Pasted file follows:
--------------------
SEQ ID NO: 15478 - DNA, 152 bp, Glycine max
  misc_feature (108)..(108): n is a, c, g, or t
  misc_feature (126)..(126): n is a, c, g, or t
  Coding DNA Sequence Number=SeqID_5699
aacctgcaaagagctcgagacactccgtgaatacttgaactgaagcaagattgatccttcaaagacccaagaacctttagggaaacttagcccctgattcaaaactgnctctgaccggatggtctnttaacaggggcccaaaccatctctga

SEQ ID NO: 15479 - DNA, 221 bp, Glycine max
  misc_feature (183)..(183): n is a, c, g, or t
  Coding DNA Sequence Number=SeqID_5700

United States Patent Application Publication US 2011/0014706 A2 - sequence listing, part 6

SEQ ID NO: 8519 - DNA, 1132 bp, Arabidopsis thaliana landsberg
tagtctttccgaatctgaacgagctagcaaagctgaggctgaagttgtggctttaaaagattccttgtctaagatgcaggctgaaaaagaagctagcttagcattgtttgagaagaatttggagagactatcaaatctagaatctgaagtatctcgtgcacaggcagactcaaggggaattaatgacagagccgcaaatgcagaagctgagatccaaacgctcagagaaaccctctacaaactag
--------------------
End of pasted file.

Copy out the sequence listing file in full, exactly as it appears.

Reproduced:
SEQ ID NO: 15478 - DNA, 152 bp, Glycine max
  misc_feature (108)..(108): n is a, c, g, or t
  misc_feature (126)..(126): n is a, c, g, or t
  Coding DNA Sequence Number=SeqID_5699
aacctgcaaagagctcgagacactccgtgaatacttgaactgaagcaagattgatccttcaaagacccaagaacctttagggaaacttagcccctgattcaaaactgnctctgaccggatggtctnttaacaggggcccaaaccatctctga

SEQ ID NO: 15479 - DNA, 221 bp, Glycine max
  misc_feature (183)..(183): n is a, c, g, or t
  Coding DNA Sequence Number=SeqID_5700

United States Patent Application Publication US 2011/0014706 A2 - sequence listing, part 6

SEQ ID NO: 8519 - DNA, 1132 bp, Arabidopsis thaliana landsberg
tagtctttccgaatctgaacgagctagcaaagctgaggctgaagttgtggctttaaaagattccttgtctaagatgcaggctgaaaaagaagctagcttagcattgtttgagaagaatttggagagactatcaaatctagaatctgaagtatctcgtgcacaggcagactcaaggggaattaatgacagagccgcaaatgcagaagctgagatccaaacgctcagagaaaccctctacaaactag